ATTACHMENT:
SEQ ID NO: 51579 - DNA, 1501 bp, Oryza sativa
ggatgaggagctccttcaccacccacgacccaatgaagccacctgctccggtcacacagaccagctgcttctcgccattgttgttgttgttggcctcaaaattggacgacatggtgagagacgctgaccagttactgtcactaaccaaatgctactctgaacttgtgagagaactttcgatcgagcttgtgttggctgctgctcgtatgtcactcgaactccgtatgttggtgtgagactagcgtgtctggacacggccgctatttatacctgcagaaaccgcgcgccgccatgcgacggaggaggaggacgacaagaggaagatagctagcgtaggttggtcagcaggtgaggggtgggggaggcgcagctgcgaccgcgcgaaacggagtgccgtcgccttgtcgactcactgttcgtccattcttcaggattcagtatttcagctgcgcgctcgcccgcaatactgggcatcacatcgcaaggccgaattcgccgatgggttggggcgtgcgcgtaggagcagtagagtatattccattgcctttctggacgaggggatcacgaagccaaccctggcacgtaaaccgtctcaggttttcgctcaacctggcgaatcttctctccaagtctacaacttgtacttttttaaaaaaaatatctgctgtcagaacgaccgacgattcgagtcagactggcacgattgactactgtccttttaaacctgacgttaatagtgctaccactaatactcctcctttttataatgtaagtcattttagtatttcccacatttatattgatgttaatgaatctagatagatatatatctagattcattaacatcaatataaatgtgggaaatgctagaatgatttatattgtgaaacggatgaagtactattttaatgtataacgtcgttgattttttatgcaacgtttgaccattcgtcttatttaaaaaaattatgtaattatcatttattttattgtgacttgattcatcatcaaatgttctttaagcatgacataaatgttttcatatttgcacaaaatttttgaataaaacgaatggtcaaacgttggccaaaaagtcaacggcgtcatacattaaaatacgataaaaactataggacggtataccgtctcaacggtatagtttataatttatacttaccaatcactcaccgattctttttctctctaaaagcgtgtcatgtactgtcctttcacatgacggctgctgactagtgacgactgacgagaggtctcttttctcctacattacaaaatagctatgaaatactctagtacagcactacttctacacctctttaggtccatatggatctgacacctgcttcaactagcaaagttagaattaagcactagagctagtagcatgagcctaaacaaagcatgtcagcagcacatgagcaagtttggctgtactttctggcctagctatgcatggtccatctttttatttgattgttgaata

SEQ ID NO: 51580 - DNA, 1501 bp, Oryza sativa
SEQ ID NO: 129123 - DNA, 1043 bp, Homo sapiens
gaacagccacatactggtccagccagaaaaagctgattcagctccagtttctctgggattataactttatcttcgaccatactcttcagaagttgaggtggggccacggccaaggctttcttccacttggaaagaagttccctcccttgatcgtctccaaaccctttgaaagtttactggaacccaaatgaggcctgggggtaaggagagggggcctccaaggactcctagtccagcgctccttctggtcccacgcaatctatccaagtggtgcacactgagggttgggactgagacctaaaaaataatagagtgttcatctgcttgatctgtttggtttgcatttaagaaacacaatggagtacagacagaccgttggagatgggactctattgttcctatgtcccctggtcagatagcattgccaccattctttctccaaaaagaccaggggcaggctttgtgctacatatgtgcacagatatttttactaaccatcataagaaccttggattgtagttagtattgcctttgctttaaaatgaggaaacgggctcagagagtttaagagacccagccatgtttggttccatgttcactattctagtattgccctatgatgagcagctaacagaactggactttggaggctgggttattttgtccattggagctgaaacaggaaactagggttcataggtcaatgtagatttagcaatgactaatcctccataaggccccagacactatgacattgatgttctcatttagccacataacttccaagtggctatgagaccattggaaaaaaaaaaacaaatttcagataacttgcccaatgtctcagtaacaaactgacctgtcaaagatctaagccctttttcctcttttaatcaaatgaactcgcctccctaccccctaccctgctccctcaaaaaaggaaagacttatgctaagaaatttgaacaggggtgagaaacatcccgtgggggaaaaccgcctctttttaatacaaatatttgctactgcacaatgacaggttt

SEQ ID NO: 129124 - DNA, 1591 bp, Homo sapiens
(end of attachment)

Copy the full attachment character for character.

SEQ ID NO: 51579 - DNA, 1501 bp, Oryza sativa
ggatgaggagctccttcaccacccacgacccaatgaagccacctgctccggtcacacagaccagctgcttctcgccattgttgttgttgttggcctcaaaattggacgacatggtgagagacgctgaccagttactgtcactaaccaaatgctactctgaacttgtgagagaactttcgatcgagcttgtgttggctgctgctcgtatgtcactcgaactccgtatgttggtgtgagactagcgtgtctggacacggccgctatttatacctgcagaaaccgcgcgccgccatgcgacggaggaggaggacgacaagaggaagatagctagcgtaggttggtcagcaggtgaggggtgggggaggcgcagctgcgaccgcgcgaaacggagtgccgtcgccttgtcgactcactgttcgtccattcttcaggattcagtatttcagctgcgcgctcgcccgcaatactgggcatcacatcgcaaggccgaattcgccgatgggttggggcgtgcgcgtaggagcagtagagtatattccattgcctttctggacgaggggatcacgaagccaaccctggcacgtaaaccgtctcaggttttcgctcaacctggcgaatcttctctccaagtctacaacttgtacttttttaaaaaaaatatctgctgtcagaacgaccgacgattcgagtcagactggcacgattgactactgtccttttaaacctgacgttaatagtgctaccactaatactcctcctttttataatgtaagtcattttagtatttcccacatttatattgatgttaatgaatctagatagatatatatctagattcattaacatcaatataaatgtgggaaatgctagaatgatttatattgtgaaacggatgaagtactattttaatgtataacgtcgttgattttttatgcaacgtttgaccattcgtcttatttaaaaaaattatgtaattatcatttattttattgtgacttgattcatcatcaaatgttctttaagcatgacataaatgttttcatatttgcacaaaatttttgaataaaacgaatggtcaaacgttggccaaaaagtcaacggcgtcatacattaaaatacgataaaaactataggacggtataccgtctcaacggtatagtttataatttatacttaccaatcactcaccgattctttttctctctaaaagcgtgtcatgtactgtcctttcacatgacggctgctgactagtgacgactgacgagaggtctcttttctcctacattacaaaatagctatgaaatactctagtacagcactacttctacacctctttaggtccatatggatctgacacctgcttcaactagcaaagttagaattaagcactagagctagtagcatgagcctaaacaaagcatgtcagcagcacatgagcaagtttggctgtactttctggcctagctatgcatggtccatctttttatttgattgttgaata

SEQ ID NO: 51580 - DNA, 1501 bp, Oryza sativa
SEQ ID NO: 129123 - DNA, 1043 bp, Homo sapiens
gaacagccacatactggtccagccagaaaaagctgattcagctccagtttctctgggattataactttatcttcgaccatactcttcagaagttgaggtggggccacggccaaggctttcttccacttggaaagaagttccctcccttgatcgtctccaaaccctttgaaagtttactggaacccaaatgaggcctgggggtaaggagagggggcctccaaggactcctagtccagcgctccttctggtcccacgcaatctatccaagtggtgcacactgagggttgggactgagacctaaaaaataatagagtgttcatctgcttgatctgtttggtttgcatttaagaaacacaatggagtacagacagaccgttggagatgggactctattgttcctatgtcccctggtcagatagcattgccaccattctttctccaaaaagaccaggggcaggctttgtgctacatatgtgcacagatatttttactaaccatcataagaaccttggattgtagttagtattgcctttgctttaaaatgaggaaacgggctcagagagtttaagagacccagccatgtttggttccatgttcactattctagtattgccctatgatgagcagctaacagaactggactttggaggctgggttattttgtccattggagctgaaacaggaaactagggttcataggtcaatgtagatttagcaatgactaatcctccataaggccccagacactatgacattgatgttctcatttagccacataacttccaagtggctatgagaccattggaaaaaaaaaaacaaatttcagataacttgcccaatgtctcagtaacaaactgacctgtcaaagatctaagccctttttcctcttttaatcaaatgaactcgcctccctaccccctaccctgctccctcaaaaaaggaaagacttatgctaagaaatttgaacaggggtgagaaacatcccgtgggggaaaaccgcctctttttaatacaaatatttgctactgcacaatgacaggttt

SEQ ID NO: 129124 - DNA, 1591 bp, Homo sapiens